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New Class and Collective Action filed in the Eastern District of New York Loja v. Jasco Designs, Inc., Civil Case No.: 18-cv-06190

DiamondsNew Class and Collective Action filed in the Eastern District of New York

Loja v. Jasco Designs, Inc., Civil Case No.: 18-cv-06190

On November 2, 2018, Plaintiff, Ms. Loja, on behalf of herself, individually, and on behalf of all others similarly-situated, filed a class and collective action lawsuit in the United States District Court Eastern District of New York against JASCO DESIGNS, INC., (“Jasco” or “Defendant”), alleging upon knowledge as to herself and her own actions and upon information and belief as follows:

Ms. Loja worked for Defendant - - a Brooklyn-based wholesale jewelry manufacturer and distributor - - from in or around August 2005 to in or around August 2010 and then from in or around August 2015 until January 6, 2017. Defendant employed Plaintiff to work as an hourly employee, most recently, as is relevant herein, from in or around August 2015 until January 6, 2017. Plaintiff worked as a packer at 63 Flushing Avenue, Unit 290, Brooklyn, New York 11205, in which capacity Plaintiff’s primary duties consisted of sorting finished jewelry into packages that were then shipped to retailers. On March 9, 2017, Plaintiff and Defendant entered into the first of a series of written agreement to toll the statute of limitations for all of Plaintiff’s claims arising under, inter alia, the Fair Labor Standards Act (“FLSA”), the New York Labor Law (“NYLL”), and the N.Y. Comp. Codes R. & Regs. (“NYCRR”), with the most recent version operating to toll the statute of limitations for all of Plaintiff’s claims from February 13, 2017 through September 30, 2018. Throughout at least the Relevant Time Period, Defendant usually required Plaintiff to work, and Plaintiff did work, five or six days a week, from 8:00 a.m. to 4:00 or 5:00 p.m. each day, Monday through Friday, and sometimes from 8:00 a.m. to 5:00 p.m. on Sunday, for a total of between thirty-seven and one-half and fifty-one hours per week. Plaintiff usually received a thirty-minute lunch break each day. Additionally, on occasions when retailers needed increased products, which occurred on average of at least three times per month especially around certain holidays, Defendant required Plaintiff to work, and Plaintiff did work, from 8:00 a.m. to as late as between 8:00 p.m. and 10:00 p.m. Thus, during those weeks, Plaintiff worked as many as sixty-six hours in a week. Defendants willfully failed to pay Plaintiff the wages lawfully due to her under the FLSA and NYLL. Additionally, on those occasions during the Relevant Time Period when Defendant required Plaintiff to work and Plaintiff did work a shift over ten hours from beginning to end, Defendant did not compensate Plaintiff with an additional one hour’s pay at the minimum wage rate.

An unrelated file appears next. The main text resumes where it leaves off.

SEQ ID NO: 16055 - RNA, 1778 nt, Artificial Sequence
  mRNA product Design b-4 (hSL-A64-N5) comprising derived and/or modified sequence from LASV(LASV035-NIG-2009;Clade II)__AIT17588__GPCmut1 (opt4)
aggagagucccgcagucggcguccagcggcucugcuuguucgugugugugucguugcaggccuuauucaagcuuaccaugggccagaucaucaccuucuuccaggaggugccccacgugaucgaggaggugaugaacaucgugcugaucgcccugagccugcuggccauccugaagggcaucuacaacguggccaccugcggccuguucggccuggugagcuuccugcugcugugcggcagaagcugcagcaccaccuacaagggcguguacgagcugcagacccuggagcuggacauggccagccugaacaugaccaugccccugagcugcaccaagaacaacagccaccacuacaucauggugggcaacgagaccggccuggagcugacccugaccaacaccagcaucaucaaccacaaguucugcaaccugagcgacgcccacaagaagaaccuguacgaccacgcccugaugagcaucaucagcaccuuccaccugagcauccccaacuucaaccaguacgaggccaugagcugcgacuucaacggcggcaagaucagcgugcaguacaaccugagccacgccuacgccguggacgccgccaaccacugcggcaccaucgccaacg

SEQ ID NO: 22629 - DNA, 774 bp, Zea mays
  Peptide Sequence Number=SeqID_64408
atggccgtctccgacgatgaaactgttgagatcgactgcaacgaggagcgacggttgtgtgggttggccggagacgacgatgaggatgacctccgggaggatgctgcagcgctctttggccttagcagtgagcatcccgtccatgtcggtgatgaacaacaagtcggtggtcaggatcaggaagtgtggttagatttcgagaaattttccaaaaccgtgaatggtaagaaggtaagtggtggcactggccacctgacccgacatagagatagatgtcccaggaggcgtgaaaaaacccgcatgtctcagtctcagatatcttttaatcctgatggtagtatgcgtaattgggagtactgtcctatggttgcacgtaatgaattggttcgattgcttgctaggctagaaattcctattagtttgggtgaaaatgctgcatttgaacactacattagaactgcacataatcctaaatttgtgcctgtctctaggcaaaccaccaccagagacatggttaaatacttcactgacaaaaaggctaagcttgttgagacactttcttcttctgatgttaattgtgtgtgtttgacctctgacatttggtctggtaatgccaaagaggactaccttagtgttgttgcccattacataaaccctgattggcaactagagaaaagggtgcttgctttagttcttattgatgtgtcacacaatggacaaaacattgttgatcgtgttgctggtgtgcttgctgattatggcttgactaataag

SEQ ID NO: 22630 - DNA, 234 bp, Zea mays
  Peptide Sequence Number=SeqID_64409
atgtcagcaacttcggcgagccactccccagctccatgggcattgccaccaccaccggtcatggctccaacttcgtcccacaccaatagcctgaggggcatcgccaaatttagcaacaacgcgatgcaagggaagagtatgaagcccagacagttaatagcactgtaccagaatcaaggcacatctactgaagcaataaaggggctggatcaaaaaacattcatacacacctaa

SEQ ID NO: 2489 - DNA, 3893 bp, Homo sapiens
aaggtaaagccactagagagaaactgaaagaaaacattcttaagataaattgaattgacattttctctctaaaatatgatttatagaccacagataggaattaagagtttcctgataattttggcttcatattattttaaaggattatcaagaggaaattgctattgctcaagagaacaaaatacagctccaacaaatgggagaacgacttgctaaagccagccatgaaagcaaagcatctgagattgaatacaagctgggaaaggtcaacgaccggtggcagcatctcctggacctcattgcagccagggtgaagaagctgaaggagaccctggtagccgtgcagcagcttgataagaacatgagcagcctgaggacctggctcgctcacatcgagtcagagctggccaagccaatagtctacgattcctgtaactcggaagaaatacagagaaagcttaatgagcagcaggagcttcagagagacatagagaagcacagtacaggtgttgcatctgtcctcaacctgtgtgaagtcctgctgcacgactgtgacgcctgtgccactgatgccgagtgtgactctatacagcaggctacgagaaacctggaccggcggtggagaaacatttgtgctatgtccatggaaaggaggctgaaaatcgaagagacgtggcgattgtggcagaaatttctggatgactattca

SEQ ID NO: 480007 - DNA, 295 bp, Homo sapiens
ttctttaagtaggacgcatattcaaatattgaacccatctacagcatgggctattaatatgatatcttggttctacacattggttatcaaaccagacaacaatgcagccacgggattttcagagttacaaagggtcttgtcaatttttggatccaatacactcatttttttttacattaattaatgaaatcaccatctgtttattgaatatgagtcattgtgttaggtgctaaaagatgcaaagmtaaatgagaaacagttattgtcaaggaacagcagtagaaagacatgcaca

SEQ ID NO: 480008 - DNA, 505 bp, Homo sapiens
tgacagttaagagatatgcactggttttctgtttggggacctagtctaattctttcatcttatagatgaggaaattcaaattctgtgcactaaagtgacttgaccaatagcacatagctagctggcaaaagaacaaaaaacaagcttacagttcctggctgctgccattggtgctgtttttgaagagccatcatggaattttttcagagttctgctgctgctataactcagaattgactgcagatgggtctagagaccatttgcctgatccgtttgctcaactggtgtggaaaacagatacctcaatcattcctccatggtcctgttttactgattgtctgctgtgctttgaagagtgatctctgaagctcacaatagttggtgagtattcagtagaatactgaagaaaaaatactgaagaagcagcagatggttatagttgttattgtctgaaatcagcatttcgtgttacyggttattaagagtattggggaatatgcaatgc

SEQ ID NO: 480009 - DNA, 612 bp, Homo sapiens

Defendant treated Plaintiff, FLSA Plaintiffs, and Rule 23 Plaintiffs in the same manner described herein. Accordingly, Plaintiff brings this lawsuit against Defendants pursuant to the collective action provisions of the FLSA, on behalf of herself and on behalf of all others similarly-situated who suffered damages because of Defendants’ willful violations of the law.

If any individual is or has previously been an employee of the Defendants named in the lawsuit and/or has information that may be relevant to this case, please contact employment lawyers in New York Borrelli & Associates, P.L.L.C. as soon as possible through one of our websites, www.employmentlawyernewyork.com or www.516abogado.com, or any of our phone numbers: (516) 248–5550, (516) ABOGADO, or (212) 679–5000.

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